It’s hard to believe but it’s been over five years since the Ortofon 2M collection of moving-magnet cartridges was introduced—cleverly color-coded to indicate entry-level to top-tier pricing. I reviewed the 2M Red and 2M Black in Issue 182 and walked away shaking my head in admiration at the performance of these modestly priced mm’s. The Red was a paltry $99 for goodness sake—roughly “the price of a nice dinner for two,” I said at the time.
As with a hit cable TV series, popularity bred spin-offs, and Ortofon has taken it to the next level with Quintet, a set of five low-to-midpriced moving-coil cartridges that replaces the aging Rondo Series of moving coils. (See reviews of the Rondo Red in Issue 206 and the Rondo Blue in Issue 199.) The Quintet line mirrors the 2M series with the same color-coding, beginning with the least expensive Red, ascending to the Blue and Bronze, and topping out with the Black. A mono version is also offered. The Red, Blue, and Mono have a 0.5mV output that’s compatible with most mc phonostages. The Bronze and Black benefit from a lower 0.3mV output—fewer windings save weight and often yield sonic benefits, particularly in speed and dynamic nuance. The entire line uses neodymium magnets.
Ortofon parcels out the upgrades progressively at each level. Hot-rodding includes coil wire-quality, which ranges from copper to Aucurum (a gold-plated six 9s copper), and most particularly stylus type. Quintet carts use a nude elliptical, while the Black gets the royal treatment with a nude Shibata, known for its asymmetric front-to-back profile. The other key difference is that the Black uses a boron cantilever. Typically found on higher-end offerings, boron is preferred over aluminum for its stiffness and lower mass. (Maintaining the lowest possible moving mass in the stylus/cantilever assembly is key to allowing the cartridge to pick up the finest groove modulations.) Ortofon recommends >20 ohms loading, which makes practical sense given that lower-priced phonostages often feature a single 100-ohm setting. The weight and compliance on these models have been optimized to mate with all medium-mass arms.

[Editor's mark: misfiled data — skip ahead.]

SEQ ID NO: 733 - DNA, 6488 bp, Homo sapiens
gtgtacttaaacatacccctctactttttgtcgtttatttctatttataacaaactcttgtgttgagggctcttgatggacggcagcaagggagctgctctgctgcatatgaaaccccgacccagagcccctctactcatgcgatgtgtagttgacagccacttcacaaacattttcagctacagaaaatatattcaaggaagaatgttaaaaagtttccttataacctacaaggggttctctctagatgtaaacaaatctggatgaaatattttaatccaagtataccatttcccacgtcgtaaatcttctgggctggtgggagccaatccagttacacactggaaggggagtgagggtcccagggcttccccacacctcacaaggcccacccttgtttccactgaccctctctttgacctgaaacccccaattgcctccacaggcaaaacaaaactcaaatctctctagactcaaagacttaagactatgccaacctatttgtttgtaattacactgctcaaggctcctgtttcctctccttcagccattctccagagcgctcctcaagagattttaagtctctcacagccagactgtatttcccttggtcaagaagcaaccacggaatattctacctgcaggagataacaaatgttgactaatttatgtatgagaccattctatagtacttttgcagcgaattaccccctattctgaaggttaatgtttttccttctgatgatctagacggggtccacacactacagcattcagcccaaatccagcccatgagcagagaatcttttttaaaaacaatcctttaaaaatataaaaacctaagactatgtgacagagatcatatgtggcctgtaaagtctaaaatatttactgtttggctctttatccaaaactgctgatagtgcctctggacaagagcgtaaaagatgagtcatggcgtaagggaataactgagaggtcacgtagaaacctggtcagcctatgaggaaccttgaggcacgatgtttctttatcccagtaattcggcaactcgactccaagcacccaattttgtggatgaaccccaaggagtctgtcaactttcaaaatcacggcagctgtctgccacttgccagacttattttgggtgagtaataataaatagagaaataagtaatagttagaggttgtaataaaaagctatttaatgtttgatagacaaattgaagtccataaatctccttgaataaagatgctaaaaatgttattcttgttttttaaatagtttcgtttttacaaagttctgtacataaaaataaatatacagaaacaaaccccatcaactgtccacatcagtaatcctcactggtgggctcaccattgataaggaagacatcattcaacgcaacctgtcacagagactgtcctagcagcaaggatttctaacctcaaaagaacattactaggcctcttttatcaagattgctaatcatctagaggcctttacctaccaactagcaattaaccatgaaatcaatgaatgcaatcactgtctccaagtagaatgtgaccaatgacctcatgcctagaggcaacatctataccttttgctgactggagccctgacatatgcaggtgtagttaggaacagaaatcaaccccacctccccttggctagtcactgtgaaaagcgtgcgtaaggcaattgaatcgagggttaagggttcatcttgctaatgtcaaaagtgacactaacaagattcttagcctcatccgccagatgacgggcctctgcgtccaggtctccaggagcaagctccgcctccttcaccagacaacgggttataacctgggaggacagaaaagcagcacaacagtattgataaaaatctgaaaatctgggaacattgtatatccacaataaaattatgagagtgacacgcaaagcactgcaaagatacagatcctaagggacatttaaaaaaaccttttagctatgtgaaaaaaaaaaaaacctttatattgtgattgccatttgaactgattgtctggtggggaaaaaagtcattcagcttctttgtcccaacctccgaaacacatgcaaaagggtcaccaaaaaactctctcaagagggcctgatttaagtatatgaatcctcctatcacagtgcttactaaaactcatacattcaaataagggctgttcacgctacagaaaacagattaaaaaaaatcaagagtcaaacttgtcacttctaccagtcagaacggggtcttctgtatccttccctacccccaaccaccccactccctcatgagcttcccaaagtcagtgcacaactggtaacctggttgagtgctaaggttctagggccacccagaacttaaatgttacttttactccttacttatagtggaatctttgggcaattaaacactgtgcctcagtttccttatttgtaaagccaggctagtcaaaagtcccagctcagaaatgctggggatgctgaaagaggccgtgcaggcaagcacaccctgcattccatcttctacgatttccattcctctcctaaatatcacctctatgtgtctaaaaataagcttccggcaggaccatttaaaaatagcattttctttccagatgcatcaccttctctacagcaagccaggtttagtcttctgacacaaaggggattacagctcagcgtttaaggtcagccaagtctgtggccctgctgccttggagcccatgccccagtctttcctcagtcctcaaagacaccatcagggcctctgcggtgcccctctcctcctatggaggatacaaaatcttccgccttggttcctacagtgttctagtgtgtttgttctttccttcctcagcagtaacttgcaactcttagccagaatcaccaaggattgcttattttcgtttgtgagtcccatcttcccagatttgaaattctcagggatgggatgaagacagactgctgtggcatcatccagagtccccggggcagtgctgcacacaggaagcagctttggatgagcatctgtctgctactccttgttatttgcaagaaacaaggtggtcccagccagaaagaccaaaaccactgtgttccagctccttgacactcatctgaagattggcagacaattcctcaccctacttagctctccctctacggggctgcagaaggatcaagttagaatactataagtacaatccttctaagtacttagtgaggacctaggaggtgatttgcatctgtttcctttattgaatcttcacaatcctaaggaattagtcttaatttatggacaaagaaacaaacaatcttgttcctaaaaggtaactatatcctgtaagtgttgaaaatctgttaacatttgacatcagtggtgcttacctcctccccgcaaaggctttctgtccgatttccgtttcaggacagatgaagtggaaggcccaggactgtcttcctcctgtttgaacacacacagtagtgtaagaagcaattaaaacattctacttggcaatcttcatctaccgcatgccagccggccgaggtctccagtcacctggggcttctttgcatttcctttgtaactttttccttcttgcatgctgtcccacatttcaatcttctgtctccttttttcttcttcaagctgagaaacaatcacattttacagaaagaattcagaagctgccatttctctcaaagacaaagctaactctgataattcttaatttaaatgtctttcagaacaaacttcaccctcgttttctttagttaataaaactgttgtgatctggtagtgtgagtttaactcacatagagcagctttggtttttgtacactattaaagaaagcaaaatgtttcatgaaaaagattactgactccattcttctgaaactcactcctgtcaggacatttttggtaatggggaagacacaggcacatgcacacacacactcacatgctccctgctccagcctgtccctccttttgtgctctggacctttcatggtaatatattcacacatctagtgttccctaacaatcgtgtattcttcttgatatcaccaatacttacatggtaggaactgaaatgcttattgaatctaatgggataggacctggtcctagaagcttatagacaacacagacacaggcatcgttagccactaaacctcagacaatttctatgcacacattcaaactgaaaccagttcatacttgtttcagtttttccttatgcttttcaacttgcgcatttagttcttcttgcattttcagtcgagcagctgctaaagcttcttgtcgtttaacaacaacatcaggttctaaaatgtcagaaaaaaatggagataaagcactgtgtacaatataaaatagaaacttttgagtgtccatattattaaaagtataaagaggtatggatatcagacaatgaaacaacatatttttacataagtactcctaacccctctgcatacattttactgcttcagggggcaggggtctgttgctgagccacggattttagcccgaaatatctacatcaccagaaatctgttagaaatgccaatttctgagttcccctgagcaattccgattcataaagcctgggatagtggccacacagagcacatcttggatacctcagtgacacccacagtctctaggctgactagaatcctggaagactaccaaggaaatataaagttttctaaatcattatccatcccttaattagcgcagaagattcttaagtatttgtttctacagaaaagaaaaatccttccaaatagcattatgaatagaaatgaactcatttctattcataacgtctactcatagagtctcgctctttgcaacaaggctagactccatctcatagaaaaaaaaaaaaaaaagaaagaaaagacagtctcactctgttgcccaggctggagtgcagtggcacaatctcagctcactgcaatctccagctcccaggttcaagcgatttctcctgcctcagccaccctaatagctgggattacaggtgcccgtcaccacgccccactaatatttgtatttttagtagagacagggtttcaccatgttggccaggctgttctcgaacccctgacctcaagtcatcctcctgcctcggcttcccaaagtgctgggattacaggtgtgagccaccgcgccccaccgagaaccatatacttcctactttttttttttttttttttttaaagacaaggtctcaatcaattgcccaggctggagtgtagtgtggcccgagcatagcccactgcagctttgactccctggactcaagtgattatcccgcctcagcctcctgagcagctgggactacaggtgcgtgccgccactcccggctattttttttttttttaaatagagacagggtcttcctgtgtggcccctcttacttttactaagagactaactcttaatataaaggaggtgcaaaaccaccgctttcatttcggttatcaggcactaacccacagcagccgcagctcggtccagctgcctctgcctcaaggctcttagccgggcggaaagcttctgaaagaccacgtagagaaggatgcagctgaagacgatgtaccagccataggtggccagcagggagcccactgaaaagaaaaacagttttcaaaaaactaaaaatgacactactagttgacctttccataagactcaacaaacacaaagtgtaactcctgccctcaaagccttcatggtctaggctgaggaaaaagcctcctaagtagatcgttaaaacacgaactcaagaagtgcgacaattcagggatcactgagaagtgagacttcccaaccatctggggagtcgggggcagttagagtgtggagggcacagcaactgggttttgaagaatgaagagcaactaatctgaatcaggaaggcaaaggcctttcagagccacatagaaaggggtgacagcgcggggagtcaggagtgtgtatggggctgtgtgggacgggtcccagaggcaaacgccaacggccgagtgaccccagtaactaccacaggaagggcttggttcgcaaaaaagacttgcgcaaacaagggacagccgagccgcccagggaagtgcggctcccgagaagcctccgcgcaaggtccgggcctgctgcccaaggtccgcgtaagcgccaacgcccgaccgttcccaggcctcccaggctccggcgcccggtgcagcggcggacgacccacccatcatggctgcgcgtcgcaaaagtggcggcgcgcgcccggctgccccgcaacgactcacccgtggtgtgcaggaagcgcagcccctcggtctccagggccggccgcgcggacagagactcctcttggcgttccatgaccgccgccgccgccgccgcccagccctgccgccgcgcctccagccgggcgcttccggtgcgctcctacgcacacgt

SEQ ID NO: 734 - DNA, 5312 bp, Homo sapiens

Setup was a breeze. The biggest adjustment required was raising my SME V tonearm a few millimeters to accommodate the relatively tall cartridge bodies of the Quintets. I settled for a VTA just south of neutral—a slightly negative rake. Ortofon lists the tracking force range as between 2.1 and 2.5 grams, and I ultimately chose the suggested 2.3 grams. Note: Don’t forget to check your cartridge lead-wire connections carefully for fit and wear. Ortofon offers upgrades in three versions, and made its LW-7N lead wire available for this review (high-purity seven 9s copper with rhodium-plated terminals, price $59).
Truthfully I’m not loyal to any particular camp of phono cartridges. Moving magnet, moving iron, or moving coil...I’m happy to give each an equal shot with no agenda on my part. In that spirit, the Red does a more than respectable job of living up to the values that fans of moving coils have come to expect. It’s damn responsive, rhythmically lively, and especially light on its feet in transient response. Imaging is stable, and soundstage cues and overall dimensionality are well defined.
It never fails that whenever I receive a couple of fresh cartridges for review I begin cueing up my old 45rpm LP dance remixes. Why? These studio-contrived sonic spectaculars with their wide-open groove-spacing are not only a nostalgic hoot but also present tracking, bass, and dynamic hurdles that challenge the “can-do” of any cartridge from cantilever to coil. Favorites (don’t laugh) are Lionel Ritchie’s “All Night Long” [Motown] and Huey Lewis and the News’ “The Power of Love” [Chrysalis]. The former’s got a blazing brass section, an army of hyper-busy percussion players, and background partying like you’ve never heard before. The Red tracked very well and reproduced a soundstage that stretched from edge to edge of the Audio Physic Classic 30 and ATC SCM19 loudspeakers’ enclosures (reviews to come). It was responsive to the ever-deepening layers of multi-tracking that drives this dance tune forward. Brass cues, however, though clearly EQ’d, were still a little hotter than I’d encountered with my reference carts. Moving to the Lewis track, the Red grew a little looser in the midbass trying to corral the Godzilla-scale of the electric bass doubled by kick-drum from the remix, but once again it tracked without a whimper.